[0010] In the context of this application, a call lasts from the time a full-duplex terminal (e.g., 101, 102, 103, 104 shown in FIG. 1) user dials the telephone number of the dispatch gateway and the switch establishes a circuit connection until the full-duplex terminal user hangs up causing the telephony switch to release the circuit connection. During a call, several dispatch sessions may occur. A dispatch session lasts from the time push-to-talk is successfully initiated by a first user in a dispatch conversation until the time that all users remain idle for at least a preset time interval or until the dispatch system terminates or “drops” the dispatch conversation. Dispatch sessions may be initiated by the full-duplex terminal user or by dispatch RF system users.

[0011] With more particular reference to FIG. 1, a dispatch gateway 120 interacts with a full-duplex network 105, a dispatch RF system 150 and any intermediary devices that may be used to proxy or redirect the call between these systems. The dispatch RF system 150 may be, for example, the iDEN system produced by Motorola, Inc. of Schaumburg, Ill. Other RF dispatch systems may be used. The full-duplex network 105 may be a telephone network such as the Public Switched Telephone Network PSTN and having Plain Old Telephone Service POTS full-duplex terminal 101, 102, 103, 104 s. While other full-duplex networks may be used, the PSTN example will be the one primarily used in this description for the sake of clarity.

[0012] In one example scenario, described in FIG. 2, the user of a full-duplex terminal 101, 102 initiates the call 201 by going off hook and initiating a connection announcement 202 to the full-duplex network 105. The full-duplex network 105 responds Ready to connect 203, with, for example, a dial tone sent to the terminal.

[0013] A gateway request connect 204 is made by the user, for example by dialing a special telephone number using DTMF tones into the full-duplex network 105 205 such as 1-800-DISPATCH. The fall-duplex network 105 relays the connect request to the primary dispatch gateway 206. The dispatch system responds to the request with an autoresponse message 207. A connection is established 208 through the dispatch gateway 120 from the dispatch RF system 150 through the full-duplex network 105 to the full-duplex terminal 101, 102, 103, 104.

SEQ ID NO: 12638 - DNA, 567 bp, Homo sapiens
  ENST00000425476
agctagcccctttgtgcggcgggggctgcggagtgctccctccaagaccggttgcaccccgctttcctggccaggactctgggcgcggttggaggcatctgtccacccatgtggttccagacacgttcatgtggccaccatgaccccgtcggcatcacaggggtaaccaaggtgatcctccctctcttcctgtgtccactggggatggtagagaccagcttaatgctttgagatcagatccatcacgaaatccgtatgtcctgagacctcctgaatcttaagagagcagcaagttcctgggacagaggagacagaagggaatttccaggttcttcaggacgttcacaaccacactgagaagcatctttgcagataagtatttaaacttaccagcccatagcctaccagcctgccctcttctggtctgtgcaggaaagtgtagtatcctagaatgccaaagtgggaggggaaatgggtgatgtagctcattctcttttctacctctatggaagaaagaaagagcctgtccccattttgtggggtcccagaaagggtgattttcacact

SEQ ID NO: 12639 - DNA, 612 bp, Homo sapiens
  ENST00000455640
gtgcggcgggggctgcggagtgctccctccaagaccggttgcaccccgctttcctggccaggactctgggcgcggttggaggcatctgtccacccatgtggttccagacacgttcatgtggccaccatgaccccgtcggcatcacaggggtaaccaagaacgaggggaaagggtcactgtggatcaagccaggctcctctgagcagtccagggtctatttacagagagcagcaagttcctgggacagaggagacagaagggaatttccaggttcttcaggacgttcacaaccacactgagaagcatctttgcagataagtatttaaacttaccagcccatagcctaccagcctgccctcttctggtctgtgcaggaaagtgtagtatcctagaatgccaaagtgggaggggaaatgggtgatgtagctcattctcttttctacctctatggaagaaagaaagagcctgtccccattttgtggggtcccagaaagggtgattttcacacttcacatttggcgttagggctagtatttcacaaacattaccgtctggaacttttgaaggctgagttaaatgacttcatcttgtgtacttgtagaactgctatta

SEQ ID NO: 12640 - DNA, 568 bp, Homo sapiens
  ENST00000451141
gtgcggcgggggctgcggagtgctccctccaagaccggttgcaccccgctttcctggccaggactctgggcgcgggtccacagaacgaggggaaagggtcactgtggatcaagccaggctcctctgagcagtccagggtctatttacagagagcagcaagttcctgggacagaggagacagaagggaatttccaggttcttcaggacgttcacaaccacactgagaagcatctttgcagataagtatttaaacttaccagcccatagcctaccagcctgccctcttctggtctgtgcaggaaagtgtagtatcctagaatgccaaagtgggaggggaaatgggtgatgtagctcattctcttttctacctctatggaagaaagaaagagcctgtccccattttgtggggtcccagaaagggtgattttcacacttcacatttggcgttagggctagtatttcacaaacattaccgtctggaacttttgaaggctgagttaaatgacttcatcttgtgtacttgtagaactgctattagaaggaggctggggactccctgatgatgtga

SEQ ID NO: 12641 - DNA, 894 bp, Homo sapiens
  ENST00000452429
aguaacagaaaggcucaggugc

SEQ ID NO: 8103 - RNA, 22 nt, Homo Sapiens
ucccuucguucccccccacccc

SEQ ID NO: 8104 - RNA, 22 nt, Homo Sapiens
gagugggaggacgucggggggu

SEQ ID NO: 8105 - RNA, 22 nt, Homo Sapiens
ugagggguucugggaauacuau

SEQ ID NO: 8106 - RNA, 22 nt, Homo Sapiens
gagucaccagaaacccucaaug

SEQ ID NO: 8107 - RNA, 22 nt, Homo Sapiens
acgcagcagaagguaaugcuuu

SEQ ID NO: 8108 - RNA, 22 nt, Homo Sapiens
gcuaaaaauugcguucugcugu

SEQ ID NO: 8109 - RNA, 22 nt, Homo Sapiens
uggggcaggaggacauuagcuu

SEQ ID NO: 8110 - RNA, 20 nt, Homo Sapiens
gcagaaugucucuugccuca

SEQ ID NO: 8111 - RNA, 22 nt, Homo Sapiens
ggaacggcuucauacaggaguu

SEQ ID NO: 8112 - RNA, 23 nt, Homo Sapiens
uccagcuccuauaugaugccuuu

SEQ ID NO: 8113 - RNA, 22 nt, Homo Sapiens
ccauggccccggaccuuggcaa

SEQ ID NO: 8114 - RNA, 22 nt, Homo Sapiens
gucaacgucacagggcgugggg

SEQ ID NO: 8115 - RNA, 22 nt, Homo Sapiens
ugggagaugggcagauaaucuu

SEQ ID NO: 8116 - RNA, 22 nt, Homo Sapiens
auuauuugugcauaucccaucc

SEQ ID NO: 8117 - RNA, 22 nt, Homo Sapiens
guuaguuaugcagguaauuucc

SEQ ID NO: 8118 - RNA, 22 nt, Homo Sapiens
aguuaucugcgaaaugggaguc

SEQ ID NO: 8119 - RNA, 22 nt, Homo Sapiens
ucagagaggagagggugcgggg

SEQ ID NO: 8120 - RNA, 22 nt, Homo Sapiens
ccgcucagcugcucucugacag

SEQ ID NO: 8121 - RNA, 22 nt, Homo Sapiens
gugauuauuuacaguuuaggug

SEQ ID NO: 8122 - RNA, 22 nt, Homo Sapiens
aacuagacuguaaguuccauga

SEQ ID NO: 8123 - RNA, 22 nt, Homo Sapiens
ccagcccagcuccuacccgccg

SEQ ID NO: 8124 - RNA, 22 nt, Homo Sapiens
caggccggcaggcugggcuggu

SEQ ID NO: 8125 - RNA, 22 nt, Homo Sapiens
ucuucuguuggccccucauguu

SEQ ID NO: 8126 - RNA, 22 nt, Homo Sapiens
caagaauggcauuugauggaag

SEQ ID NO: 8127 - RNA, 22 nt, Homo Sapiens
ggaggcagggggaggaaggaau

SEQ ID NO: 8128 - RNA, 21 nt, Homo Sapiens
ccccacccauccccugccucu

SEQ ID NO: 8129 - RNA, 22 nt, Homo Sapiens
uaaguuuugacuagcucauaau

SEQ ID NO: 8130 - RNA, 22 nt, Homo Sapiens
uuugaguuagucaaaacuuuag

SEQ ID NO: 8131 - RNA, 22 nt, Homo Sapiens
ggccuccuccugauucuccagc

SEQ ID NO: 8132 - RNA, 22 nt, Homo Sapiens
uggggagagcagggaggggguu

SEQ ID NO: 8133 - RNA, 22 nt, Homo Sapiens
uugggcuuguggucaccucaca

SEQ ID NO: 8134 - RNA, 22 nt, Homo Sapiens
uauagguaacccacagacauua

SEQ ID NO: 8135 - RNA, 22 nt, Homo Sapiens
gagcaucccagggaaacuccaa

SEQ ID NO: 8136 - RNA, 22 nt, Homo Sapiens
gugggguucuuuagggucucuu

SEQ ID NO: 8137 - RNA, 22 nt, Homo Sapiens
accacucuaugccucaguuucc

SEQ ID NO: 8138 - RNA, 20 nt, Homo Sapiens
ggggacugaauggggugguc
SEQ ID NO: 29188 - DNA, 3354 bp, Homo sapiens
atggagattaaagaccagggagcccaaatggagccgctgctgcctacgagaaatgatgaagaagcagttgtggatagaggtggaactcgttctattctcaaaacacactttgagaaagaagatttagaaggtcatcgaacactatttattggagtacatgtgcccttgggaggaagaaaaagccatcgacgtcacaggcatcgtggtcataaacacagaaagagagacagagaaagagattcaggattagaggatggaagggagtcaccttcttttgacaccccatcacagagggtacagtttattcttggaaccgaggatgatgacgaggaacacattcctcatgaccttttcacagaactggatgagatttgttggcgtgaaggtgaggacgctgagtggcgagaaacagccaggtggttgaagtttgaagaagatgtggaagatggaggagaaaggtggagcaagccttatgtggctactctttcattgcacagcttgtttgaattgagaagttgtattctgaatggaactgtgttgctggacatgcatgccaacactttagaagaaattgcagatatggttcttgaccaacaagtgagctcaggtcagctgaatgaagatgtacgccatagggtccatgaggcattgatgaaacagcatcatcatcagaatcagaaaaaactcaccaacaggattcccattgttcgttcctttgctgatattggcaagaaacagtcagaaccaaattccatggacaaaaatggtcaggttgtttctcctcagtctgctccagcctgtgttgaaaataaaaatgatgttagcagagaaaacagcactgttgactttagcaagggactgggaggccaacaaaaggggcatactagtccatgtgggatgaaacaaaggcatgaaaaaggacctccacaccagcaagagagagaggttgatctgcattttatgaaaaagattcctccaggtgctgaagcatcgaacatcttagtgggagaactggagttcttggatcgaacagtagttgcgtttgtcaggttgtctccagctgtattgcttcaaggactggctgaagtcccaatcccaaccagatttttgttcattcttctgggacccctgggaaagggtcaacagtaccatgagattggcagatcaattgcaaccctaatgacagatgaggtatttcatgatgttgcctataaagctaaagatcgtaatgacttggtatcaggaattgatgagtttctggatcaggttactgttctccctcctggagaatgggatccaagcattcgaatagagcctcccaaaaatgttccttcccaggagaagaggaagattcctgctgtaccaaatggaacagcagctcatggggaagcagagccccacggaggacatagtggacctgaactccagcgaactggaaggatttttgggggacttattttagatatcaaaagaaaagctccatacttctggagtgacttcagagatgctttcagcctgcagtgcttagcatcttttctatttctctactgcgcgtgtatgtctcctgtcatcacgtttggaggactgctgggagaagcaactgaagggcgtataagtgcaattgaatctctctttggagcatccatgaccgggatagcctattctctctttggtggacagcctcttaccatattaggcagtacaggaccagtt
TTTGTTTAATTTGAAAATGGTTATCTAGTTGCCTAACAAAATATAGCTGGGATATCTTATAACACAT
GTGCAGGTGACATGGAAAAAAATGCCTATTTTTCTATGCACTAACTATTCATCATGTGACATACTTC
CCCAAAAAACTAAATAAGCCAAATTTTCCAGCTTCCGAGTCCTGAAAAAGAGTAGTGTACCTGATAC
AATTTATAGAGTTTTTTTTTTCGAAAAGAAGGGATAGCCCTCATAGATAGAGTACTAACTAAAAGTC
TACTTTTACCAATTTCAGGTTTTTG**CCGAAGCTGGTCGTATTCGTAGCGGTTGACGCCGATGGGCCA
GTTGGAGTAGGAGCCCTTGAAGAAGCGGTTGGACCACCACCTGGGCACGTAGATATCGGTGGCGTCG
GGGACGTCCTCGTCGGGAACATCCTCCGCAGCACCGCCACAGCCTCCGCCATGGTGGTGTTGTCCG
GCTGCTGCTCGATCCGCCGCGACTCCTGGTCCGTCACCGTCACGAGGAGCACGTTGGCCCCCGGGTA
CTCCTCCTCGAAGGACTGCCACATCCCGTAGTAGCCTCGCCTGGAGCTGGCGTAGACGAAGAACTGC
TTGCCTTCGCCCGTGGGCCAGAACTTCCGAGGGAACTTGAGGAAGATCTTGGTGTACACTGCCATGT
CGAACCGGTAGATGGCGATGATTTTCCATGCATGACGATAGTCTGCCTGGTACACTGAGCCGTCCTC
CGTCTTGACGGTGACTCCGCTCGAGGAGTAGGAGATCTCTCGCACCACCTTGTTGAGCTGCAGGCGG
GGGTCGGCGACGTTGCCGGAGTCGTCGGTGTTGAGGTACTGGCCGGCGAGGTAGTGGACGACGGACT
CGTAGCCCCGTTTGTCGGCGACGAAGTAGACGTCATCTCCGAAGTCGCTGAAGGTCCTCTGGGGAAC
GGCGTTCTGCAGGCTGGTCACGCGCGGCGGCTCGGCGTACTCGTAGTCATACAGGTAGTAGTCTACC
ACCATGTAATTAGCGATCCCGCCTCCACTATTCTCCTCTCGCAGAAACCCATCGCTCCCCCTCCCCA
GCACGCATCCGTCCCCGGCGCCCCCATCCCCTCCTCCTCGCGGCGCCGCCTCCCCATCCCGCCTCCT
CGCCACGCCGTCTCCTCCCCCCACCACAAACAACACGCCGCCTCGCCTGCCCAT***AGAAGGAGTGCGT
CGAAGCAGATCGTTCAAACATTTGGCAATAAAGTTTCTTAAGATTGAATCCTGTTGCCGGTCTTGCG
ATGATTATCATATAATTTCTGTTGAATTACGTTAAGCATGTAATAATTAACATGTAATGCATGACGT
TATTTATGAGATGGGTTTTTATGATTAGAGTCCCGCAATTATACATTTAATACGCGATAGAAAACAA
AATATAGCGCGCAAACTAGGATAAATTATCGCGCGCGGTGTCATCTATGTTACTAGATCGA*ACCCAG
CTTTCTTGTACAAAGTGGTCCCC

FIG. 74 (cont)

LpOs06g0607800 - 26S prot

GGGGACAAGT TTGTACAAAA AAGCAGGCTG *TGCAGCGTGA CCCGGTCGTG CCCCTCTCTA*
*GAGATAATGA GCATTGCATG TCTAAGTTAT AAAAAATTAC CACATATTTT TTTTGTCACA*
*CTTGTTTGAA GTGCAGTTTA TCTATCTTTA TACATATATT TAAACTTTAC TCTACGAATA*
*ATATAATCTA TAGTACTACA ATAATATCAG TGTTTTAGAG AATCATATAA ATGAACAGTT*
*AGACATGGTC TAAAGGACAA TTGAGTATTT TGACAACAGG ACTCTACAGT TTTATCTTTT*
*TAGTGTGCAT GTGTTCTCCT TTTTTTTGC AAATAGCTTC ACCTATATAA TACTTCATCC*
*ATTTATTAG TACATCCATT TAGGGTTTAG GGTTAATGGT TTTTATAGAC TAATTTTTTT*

[0014] The user enters a dispatch ID 210 using, for example, DTMF tones that is relayed through the full-duplex network 105 to the dispatch gateway 120. The user could, for example, enter the dispatch identification number followed by a DTMF key such as “#”. The dispatch identification number may identify an individual or a group of users who have dispatch terminals 151, 152 connecting to the dispatch RF system 150 with whom the full-duplex network user wishes to communicate. The dispatch gateway 120 stores this dispatch ID in its memory 122 as the currently active dispatch ID and returns an audible dispatch acknowledgement signal through the switch to the full-duplex terminal 211.

[0015] The user initiates a push-to-talk from the full-duplex terminal 101, 102, 103, 104 by, for example, depressing a DTMF key such as “*”, which is interpreted by the dispatch gateway 212. The DTMF tone initiated in 212 is interpreted by the dispatch gateway as a push-to-talk request, and the dispatch gateway sends a dispatch session initiation request to the dispatch RF system 150, and if the dispatch RF system 150 accepts the push-to-talk request, the dispatch gateway sends an audible acknowledgement through the switch to the full-duplex terminal 101, 102, 103, 104. This acknowledgement informs the user that the request to talk has been accepted, that a dispatch session has started, and that the voice channel has been committed for communication 215. Following this acknowledgement, the user on the full-duplex full-duplex terminal 101, 102, 103, 104 may begin sending voice communication to users of radios supported by the dispatch gateway. If the dispatch RF system 150 does not accept the push-to-talk request and does not initiate a dispatch session because, for example, the half-duplex users are unavailable, the dispatch gateway sends an audible error tone through the switch to the full-duplex terminal 101, 102, 103, 104 informing the user that the request failed.

[0016] The user of the full-duplex terminal 101, 102, 103, 104 may terminate and return control of the voice channel to the dispatch gateway by depressing a key on the full-duplex terminal 101, 102, 103, 104 keypad 217. For example, a special key such as “*” will produce a DTMF tone that will be relayed through the full-duplex network 105 to the dispatch gateway and interpreted as a release and termination of push-to-talk. This action is analogous to releasing the push-to-talk button on a half-duplex voice terminal 151, 152. An audible acknowledgement signal 220 will be sent from the dispatch gateway 120 to the full-duplex terminal 101, 102, 103, 104 indicating that push-to-talk has been released and the half-duplex users can reply.